DEVELOPING INTERCULTURAL NEGOTIATIONS SKILLS TO MEET CURRENT CHALLENGES OF DIVERSE EU BUSINESS ENVIRONMENT AS PART OF UNIVERSITY SOCIAL RESPONSIBILITY

Velga Vevere, Aija Sannikova

Abstract


Rapid internationalization of the European business environment requires development of international project and team management, intercultural internal and external communications, conflict management skills, etc. These skills, in their turn, involve negotiation process (strategical, tactical and ethical aspects) and cross-cultural proficiency. Development of such skills could be regarded as responsibility of the university. The purpose of the present study is to research MBA students’ attitude to different negotiation tactics depending on their cultural background. The tasks of the study are: (1) to establish the theoretical framework (theories, concepts, research paradigms); (2) to work out the research design and conduct the research; (3) to interpret empirical results and work out proposal – a free standing mini-module “Intercultural negotiation skills” for the university. The main research method applied is a survey using 5-point Likert scale. Using a questionnaire derived based on SINS scale (“Self-reported Inappropriate Negotiation Strategy Scale” created by  R. J. Robinson, R. J. Lewicki and E. M. Donahue) 88 MBA students of the Latvian universities rated 16 negotiation tactics on a 5-point appropriate-inappropriate scale. Analyses of scale ratings yielded results that students’ evaluation of negotiation tactics did not depend on cultural background (the research was conducted among international students) in statistically significant way, though there were differences in responses within evaluation of certain statements. The article works out suggestions how to incorporate issues of intercultural negotiation strategies within courses.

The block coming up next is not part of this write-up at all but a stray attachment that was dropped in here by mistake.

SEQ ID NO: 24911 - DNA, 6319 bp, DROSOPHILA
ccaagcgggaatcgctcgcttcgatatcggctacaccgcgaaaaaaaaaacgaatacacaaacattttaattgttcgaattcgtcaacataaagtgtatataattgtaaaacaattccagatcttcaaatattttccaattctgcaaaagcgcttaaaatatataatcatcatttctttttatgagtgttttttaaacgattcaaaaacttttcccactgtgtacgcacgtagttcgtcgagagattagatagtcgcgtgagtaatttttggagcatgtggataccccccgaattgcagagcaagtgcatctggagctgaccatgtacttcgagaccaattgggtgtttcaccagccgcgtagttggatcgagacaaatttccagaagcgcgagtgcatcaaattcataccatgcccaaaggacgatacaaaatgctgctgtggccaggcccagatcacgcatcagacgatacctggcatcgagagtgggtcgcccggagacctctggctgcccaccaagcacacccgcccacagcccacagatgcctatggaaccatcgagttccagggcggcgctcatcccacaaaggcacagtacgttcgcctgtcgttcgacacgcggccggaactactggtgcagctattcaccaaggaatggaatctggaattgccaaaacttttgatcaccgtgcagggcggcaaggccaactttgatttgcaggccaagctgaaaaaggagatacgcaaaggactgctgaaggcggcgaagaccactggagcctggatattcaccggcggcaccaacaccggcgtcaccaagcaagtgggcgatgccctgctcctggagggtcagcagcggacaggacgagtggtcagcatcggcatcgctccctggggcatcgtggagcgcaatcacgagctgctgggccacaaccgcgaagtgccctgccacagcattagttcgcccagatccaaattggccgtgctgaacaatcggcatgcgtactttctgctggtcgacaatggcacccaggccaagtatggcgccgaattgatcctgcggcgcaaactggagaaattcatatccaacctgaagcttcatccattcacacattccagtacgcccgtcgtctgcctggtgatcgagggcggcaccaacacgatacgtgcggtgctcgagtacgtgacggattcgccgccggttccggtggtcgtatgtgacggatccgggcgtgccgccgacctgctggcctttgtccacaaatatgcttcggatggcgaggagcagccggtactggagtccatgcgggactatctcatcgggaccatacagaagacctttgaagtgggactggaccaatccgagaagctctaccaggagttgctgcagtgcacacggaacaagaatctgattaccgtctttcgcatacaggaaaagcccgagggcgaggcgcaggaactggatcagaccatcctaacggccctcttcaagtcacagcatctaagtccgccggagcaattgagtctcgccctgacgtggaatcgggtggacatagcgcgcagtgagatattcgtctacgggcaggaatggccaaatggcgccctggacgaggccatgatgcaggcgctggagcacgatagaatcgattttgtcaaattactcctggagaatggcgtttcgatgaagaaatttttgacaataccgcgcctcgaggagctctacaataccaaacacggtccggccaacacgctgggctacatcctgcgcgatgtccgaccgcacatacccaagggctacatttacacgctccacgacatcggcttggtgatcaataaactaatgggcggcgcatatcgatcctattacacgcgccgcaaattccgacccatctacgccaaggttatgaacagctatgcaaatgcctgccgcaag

DOI: http://dx.doi.org/10.5755/j01.eis.0.12.21232


Keywords


Negotiation strategy; negotiation tactics; intercultural negotiations; negotiator profile; university social responsibility, SINS scale

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Print ISSN: 1822-8402
Online ISSN: 2335-8831